Tuesday 12 March 2019

Looking for asteroids in 2018 LA-like orbits.

Asteroid 2018 LA was first observed by Richard Kowalski at the Mount Lemmon Survey in Arizona on 2 June 2018 (the designation 2018 LA implies the first object – object A – discovered in the first half of June 2018 – period 2018 L), and was quickly determined to be on a collision course with Earth. A subsequent fireball meteor (shooting star brighter than the planet Venus) was observed over South Africa and Botswana, on a course that matched that predicted for the asteroid, and fragments of meteorite recovered in the Central Kalahari Game Reserve in Botswana. This was only the third asteroid ever detected which subsequently impacted the Earth; the first, 2008 TC3 fell in South Sudan in 2008, a few hours after being discovered, while the second, 2014 AA, fell into the Atlantic Ocean in January 2014. All three of these bodies were small Apollo Group Asteroids (asteroids on Earth-orbit crossing trajectories which spend the majority of their time further from the Sun than the Earth), and were potentially fragments of larger bodies that might produce other Earth-impacting bodies.

Scientists from Botswana and South Africa at the location where a fragment of Asteroid 2018 LA was discovered this week. Botswana International University of Science and Technology.

In a paper published on the arXiv database at Cornell University on 28 November 2018, and in the journal Astronomy and Astrophysics on 10 January 2019, Carlos de la Fuente Marcos and Raúl de la Fuente Marcos of the Universidad Complutense de Madrid, publish an analysis of the orbit of 2018 LA, and show that it appears to be part of a distinct family of asteroids with similar Earth-crossing orbits and presumably a common origin.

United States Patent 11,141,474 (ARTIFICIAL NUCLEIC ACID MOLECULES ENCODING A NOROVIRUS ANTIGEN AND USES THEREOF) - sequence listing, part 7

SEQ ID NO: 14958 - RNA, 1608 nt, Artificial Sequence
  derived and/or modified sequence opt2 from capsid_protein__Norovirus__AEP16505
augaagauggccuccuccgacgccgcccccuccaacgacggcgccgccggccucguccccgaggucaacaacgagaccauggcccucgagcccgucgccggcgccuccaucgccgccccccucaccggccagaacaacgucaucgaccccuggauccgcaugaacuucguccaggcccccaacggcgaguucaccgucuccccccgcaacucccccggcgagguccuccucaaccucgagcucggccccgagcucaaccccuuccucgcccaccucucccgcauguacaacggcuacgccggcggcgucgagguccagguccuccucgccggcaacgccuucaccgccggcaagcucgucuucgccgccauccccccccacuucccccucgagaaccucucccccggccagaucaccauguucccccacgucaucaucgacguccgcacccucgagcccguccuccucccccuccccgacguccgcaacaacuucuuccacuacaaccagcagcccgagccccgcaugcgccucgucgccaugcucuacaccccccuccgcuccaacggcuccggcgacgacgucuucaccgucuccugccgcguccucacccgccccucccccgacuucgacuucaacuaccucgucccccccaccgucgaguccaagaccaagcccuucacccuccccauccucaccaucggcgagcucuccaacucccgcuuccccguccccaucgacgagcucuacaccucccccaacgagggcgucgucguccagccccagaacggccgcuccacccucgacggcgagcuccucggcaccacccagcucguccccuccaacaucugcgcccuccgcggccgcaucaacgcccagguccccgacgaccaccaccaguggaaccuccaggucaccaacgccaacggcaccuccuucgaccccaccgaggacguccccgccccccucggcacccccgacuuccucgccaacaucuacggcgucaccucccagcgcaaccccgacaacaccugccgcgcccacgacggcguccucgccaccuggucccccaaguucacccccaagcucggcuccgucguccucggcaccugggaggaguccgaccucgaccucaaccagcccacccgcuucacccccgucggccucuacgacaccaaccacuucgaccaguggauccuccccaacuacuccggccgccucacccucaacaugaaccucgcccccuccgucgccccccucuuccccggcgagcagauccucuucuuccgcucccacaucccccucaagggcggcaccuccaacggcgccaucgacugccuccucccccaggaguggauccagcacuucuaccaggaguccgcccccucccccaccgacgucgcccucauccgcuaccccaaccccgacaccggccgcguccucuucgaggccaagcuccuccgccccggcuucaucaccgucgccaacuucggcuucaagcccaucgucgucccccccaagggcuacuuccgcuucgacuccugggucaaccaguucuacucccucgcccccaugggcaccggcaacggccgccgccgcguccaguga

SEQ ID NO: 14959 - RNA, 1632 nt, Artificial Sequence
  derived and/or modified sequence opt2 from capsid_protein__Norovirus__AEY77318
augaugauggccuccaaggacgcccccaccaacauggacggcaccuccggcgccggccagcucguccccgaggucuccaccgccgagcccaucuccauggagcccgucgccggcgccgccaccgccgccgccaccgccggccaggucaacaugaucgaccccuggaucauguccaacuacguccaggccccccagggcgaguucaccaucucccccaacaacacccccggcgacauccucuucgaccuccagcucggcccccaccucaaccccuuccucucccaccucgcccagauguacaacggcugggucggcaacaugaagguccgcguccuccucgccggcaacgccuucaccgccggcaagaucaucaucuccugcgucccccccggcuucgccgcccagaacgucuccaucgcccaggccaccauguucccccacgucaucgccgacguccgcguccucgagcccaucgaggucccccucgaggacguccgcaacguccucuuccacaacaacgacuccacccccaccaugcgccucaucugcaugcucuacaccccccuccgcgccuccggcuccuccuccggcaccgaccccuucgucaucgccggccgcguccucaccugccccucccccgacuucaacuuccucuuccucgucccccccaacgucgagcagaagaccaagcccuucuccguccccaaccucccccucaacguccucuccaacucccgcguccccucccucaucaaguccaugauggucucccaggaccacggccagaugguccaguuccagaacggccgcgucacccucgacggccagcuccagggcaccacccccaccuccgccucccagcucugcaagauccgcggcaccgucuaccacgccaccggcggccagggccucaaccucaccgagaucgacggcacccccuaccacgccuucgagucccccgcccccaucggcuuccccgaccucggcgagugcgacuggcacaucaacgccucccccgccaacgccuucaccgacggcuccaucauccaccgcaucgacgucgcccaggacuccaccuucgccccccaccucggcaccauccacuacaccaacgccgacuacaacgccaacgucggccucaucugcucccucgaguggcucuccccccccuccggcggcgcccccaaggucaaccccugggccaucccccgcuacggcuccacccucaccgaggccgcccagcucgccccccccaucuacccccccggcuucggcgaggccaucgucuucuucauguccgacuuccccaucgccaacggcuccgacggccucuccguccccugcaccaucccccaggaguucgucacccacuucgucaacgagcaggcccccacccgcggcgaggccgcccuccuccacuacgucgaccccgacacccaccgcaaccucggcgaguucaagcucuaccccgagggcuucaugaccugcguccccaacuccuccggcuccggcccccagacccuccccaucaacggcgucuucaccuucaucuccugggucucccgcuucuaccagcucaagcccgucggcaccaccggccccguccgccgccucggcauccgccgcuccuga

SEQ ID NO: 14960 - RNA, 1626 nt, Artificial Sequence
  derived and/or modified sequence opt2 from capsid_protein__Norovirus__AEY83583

2018 LA is estimated to have been on an orbit inclined at an angle of 4.30° to the plane of the Solar System, which took it in to a perihelion (closest point to on its orbit to the Sun) of 0.78 AU (i.e. 78% of the distance at which the Earth orbits the Sun) and an aphelion (furthest point on its orbit from the Sun) of 1.97 AU, with a semi-major axis (average distance from the Sun) of 1.38 AU. A search of the Small Body Database at NASA’s Jet Propulsion Laboratory revealed seventeen objects with similar orbits, of which de la Fuente Marcos and de la Fuente Marcos concentrate on five which have a particularly close match.

The calculated orbit of 2018 LA. Minor Planet Center.

The first of these is 2016 LR, which has an orbit tilted at an angle of 2.54° to the plane of the Solar System, a perihelion distance of 0.78 AU, an aphelion distance of 1.98 AU, and a semi-major axis of 1.38 AU. The second is 2018 BA5, with an orbit tilted at an angle of 4.54° to the plane of the Solar System, a perihelion distance of 0.78 AU, an aphelion distance of 1.96 AU, and a semi-major axis of 1.37 AU. The third is 2018 TU, with an orbit tilted at an angle of 4.07° to the plane of the Solar System, a perihelion distance of 0.78 AU, an aphelion distance of 1.98 AU, and a semi-major axis of 1.38 AU.

Finally, and most significantly, there is (454 100) 2013 BO73, a Potentially Hazardous Asteroid with an estimated equivalent diameter of 550 m (i.e. it is estimated that if it was a perfect sphere it would have a diameter of 550 m), which has an orbit tilted at an angle of 4.54° to the plane of the Solar System, a perihelion distance of 0.77 AU, an aphelion distance of 1.89 AU, and a semi-major axis of 1.33 AU.

The calculated orbit of (454 100) 2013 BO73. JPL Small Body Database.

Asteroids with common orbital paths are thought likely to share a common origin, typically deriving from the break-up of a larger parent body. This can happen in several ways. The most obvious of these is a collision with another object, though such events are not thought to be particularly frequent, due to the small size of asteroids compared to the volume of the Solar System. A more common cause of asteroid break-ups is thought to be tidal forces, which can tear small bodies apart when they come close to planets.